As appears clearly from FIG. 1, when the receptacle part is filled with a stack of tablets, uppermost tablet 19 rests against bridge 23 in a dispensing position above housing part 17 between the two upwardly extending side wall portions of receptacle part 18. Cover 2 carries handle portion 8 which may be operated by one finger of a hand, for instance the thumb, if desired, to pivot the cover clockwise about a transverse axis defined by pivot pin 3 to bring the cover into an open position exposing the uppermost tablet which rests in the dispensing position. The cover has skirt 6 at the rear thereof and, on pivoting cover 2 in the clockwise direction, the skirt passes between the two upwardly extending side wall portions of the receptacle part and engages the uppermost tablet to push it forwardly between the upper edge of housing part 17 and the lower edge of cover 2, enabling the tablet to be readily removed from dispenser 1. Upon releasing the finger from the handle, cover 2 will return automatically to its closed position under the bias of spring 24. Spring 20 will press false bottom 21 upwards to bring the succeeding tablet to rest at bridge 23. Obviously, pivot pin 3 may be stationary and cover 2 may have bores in its side walls wherein the pin is journaled to permit pivoting of the cover, or the pivot pin may be rotatably mounted in the upwardly extending side wall portions and the side walls of the cover may be affixed thereto to permit such pivoting, these pivoting structures being equivalent.

As shown in FIG. 2 the upper end of receptacle part 18 has a respective bulges 9 and 10 designed to cooperate with shoulders 14, 14' to provide a stabilizing engagement between the receptacle and housing parts when the receptacle part is fully extended into the housing part. This provides a stable connection between the two parts of tablet dispenser 1, further downward displacement of the receptacle part through the open bottom of the housing part being prevented by shoulder 11 on the receptacle part, which engages the upper rim of the housing part when the receptacle part is fully retracted into the housing part (see FIG. 1).

In a tablet dispenser of this type, the invention provides an arrangement which also holds the receptacle part stably in an extended outer position. According to this arrangement of the present invention, one of the parts of the dispenser, which is housing part 17 in the illustrated embodiment, has an end remaining in contact with the other part, which is receptacle part 18 in the illustrated embodiment, in an outer end position of the receptacle part in relation to the housing part. The one part provides a space defining a free play between the parts terminating short of the contacting end 14, 14', this space in the illustrated embodiment being relatively shallow groove 13 in housing part 17. The other part has catch 4 arranged close to an end of the other part contacting the end of the one part in the outer end position, the illustrated catch being a single protuberance 4 projecting from one of side walls 12 of receptacle part 18 and extending into groove 13.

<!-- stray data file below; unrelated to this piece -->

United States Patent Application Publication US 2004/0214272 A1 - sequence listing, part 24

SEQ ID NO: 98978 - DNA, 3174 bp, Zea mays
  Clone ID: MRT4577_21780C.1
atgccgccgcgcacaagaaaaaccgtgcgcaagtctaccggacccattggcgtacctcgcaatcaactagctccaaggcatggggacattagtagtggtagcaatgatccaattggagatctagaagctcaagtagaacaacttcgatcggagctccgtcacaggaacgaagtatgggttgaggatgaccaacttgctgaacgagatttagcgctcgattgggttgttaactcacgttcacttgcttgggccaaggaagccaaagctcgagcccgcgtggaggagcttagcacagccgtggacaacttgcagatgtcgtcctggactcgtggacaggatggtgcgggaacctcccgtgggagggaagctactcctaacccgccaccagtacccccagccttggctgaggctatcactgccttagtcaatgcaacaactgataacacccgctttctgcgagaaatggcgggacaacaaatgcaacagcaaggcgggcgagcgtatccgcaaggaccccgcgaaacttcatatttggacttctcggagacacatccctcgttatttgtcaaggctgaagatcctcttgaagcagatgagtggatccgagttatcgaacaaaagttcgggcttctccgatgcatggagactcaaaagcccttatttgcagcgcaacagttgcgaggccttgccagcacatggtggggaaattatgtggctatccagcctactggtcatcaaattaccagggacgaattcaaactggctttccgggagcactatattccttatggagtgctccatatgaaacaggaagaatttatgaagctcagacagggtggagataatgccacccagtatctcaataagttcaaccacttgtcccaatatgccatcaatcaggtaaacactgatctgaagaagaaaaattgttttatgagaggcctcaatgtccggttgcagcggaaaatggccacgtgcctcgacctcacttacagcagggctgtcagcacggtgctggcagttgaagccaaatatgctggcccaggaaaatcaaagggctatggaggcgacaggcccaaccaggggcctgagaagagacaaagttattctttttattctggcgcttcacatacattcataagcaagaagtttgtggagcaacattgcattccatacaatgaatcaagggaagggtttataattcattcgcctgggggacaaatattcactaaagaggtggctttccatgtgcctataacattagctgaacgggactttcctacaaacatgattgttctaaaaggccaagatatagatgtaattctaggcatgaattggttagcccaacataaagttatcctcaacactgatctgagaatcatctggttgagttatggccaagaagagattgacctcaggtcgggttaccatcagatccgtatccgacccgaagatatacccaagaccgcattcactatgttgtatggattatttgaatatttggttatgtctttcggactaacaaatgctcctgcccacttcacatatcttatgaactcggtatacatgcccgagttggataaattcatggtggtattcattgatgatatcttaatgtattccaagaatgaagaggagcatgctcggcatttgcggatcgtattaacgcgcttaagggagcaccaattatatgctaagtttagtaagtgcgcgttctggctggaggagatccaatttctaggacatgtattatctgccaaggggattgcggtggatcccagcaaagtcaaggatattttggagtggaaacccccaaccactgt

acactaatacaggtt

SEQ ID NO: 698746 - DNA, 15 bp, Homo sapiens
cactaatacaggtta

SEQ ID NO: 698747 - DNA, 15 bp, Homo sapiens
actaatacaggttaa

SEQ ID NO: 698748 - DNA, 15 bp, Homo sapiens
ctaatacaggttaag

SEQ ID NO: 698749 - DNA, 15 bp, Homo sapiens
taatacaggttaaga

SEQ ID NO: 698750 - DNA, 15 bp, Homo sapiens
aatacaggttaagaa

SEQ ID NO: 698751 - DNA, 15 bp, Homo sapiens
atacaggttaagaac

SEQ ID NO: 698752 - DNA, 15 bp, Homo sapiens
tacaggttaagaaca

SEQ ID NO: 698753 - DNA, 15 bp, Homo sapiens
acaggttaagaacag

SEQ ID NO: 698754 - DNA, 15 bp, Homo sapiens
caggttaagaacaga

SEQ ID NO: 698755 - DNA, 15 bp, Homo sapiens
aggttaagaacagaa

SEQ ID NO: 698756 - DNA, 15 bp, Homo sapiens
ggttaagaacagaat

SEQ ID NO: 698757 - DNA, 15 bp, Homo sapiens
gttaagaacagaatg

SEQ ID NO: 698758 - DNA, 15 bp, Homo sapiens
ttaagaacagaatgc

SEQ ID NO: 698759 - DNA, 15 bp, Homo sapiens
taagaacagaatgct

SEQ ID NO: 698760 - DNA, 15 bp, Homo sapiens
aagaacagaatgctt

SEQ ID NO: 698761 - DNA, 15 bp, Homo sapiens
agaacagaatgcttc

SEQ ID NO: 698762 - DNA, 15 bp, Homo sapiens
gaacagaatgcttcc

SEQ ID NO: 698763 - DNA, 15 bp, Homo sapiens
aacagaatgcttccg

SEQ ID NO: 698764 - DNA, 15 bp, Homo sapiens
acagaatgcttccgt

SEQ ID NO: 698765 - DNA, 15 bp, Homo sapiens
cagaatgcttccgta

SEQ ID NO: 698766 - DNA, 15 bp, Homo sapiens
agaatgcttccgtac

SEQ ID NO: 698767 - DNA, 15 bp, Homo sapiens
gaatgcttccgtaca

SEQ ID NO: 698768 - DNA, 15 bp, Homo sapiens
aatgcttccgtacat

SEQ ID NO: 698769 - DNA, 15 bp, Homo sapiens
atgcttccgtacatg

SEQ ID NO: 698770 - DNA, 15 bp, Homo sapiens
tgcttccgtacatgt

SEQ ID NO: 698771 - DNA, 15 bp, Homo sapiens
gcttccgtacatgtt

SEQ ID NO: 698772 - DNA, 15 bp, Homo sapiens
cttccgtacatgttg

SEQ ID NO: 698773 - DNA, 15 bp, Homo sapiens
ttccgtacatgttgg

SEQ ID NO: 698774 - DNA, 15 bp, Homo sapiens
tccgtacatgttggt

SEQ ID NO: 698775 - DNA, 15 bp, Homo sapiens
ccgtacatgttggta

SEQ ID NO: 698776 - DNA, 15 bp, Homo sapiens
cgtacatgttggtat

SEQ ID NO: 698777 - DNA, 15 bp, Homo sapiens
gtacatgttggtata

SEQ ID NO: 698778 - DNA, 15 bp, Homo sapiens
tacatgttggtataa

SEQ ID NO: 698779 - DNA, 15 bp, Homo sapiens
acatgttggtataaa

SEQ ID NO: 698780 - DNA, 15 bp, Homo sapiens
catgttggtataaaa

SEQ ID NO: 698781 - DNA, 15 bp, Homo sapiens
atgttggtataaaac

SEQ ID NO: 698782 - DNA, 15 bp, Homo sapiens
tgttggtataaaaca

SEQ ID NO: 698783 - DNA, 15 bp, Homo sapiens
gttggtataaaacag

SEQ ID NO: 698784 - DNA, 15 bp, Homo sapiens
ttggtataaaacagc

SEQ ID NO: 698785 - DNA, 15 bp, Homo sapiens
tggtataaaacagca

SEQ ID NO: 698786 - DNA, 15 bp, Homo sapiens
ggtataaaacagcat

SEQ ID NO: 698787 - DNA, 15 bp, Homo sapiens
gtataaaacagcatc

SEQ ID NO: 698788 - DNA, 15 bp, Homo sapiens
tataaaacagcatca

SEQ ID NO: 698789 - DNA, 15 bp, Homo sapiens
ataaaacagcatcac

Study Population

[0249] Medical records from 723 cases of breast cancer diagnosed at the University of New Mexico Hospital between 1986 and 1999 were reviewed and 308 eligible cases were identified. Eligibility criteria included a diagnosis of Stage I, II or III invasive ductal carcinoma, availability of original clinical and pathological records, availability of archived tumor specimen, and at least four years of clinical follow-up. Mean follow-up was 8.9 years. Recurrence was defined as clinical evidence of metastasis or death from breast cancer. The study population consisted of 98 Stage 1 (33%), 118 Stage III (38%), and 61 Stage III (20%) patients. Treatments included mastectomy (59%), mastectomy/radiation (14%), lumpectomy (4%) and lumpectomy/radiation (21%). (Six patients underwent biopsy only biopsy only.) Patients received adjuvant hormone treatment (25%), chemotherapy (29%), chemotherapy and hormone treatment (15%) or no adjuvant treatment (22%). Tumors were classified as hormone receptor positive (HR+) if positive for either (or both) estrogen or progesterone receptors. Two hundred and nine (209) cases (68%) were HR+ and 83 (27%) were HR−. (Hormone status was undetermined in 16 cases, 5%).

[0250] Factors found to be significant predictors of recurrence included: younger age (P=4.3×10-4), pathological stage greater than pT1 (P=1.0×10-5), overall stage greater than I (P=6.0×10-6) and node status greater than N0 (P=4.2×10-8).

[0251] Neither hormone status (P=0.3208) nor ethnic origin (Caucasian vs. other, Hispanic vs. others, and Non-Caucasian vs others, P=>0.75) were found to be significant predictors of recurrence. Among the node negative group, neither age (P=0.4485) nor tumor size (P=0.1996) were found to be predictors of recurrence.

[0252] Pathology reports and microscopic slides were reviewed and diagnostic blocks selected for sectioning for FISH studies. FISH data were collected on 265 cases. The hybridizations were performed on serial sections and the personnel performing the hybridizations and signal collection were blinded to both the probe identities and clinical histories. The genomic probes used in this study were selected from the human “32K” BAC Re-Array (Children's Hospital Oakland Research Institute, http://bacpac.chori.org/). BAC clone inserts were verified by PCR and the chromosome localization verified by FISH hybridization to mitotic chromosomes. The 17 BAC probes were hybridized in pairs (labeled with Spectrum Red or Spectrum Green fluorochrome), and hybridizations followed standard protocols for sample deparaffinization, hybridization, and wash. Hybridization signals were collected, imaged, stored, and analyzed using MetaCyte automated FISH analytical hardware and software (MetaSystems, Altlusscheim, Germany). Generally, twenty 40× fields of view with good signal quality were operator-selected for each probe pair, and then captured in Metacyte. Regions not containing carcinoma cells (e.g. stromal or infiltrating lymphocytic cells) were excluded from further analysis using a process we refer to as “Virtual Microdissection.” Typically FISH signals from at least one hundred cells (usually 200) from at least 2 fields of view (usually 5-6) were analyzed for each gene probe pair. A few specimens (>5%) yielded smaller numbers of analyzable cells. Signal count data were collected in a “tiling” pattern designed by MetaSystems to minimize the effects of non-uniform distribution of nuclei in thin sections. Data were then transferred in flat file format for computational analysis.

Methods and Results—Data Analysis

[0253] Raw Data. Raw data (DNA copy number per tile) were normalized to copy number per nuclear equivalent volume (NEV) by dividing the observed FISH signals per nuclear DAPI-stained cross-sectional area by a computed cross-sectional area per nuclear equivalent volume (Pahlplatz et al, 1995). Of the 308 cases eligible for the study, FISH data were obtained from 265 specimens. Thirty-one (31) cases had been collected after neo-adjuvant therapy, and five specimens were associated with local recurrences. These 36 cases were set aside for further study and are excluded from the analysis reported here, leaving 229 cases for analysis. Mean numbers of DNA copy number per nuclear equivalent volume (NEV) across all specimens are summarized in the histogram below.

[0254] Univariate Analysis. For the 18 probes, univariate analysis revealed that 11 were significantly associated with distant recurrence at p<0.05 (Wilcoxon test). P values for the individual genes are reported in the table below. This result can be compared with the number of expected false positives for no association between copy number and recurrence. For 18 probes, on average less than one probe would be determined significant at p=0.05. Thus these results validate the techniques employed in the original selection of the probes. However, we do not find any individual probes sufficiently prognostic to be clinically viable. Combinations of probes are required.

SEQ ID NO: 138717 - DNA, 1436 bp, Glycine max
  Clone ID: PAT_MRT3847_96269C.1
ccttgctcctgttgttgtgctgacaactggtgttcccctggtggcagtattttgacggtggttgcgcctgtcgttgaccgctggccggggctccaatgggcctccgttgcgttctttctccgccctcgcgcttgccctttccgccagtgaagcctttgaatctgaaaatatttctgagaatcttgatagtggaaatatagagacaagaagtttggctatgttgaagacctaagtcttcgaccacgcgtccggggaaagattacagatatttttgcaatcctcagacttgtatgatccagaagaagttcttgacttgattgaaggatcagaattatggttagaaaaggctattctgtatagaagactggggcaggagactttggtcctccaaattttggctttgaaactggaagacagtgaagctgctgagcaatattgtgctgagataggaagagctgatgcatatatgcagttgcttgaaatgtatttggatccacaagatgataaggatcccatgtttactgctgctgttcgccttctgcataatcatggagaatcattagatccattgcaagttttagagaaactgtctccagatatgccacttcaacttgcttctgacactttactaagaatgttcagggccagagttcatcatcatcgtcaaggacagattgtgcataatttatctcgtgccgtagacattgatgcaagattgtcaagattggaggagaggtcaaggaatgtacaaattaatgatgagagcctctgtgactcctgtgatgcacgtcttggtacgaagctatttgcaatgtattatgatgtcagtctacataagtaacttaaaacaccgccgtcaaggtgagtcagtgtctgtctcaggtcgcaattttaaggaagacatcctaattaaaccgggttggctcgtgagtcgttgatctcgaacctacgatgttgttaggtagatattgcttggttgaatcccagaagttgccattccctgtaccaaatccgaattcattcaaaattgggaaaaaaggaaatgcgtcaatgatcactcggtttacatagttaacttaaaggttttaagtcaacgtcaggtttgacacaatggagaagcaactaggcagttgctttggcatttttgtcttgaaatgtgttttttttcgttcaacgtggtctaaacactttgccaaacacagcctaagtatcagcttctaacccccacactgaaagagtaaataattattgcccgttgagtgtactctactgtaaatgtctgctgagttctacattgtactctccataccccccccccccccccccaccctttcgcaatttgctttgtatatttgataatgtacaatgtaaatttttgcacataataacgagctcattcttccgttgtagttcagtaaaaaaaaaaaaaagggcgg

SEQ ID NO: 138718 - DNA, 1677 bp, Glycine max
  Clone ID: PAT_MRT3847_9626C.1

As shown in FIG. 5, tolerance s remains between catch 4 and space 13. FIG. 3 shows that the catch has a height or width h corresponding to tolerance s.

A sloping transition or run-up section extends between the catch and the space adjacent the contacting ends, FIG. 2 illustrating the catch as having an obliquely extending portion forming the run-up section if desired, this transition section may be rounded or arcuate. Catch or protuberance 4 extends into groove 13 and glides therein freely until it runs up the outer end of the housing part to become wedged therein. As shown in FIG. 4, guide slots 7, 7' as well as longitudinal grooves 13, 13 terminate short of the upper end of the housing part. When receptacle part 18 is axially displaced outwardly, for instance by pressing against its bottom through the open bottom of the housing part, catch 4 will finally run up against the end of groove 13 wherein the catch is guided. Since tolerance s corresponds to height h of catch 4, the catch will be moved out of the groove on further upward displacement of the receptacle part and will be wedged against shoulder 14 at the upper end of the housing part. In this manner, a frictional engagement will be provided between the two parts of the dispenser and further displacement therebetween will be prevented. The receptacle part will be held in the extended outer position and will not be retracted into the housing part by spring 20.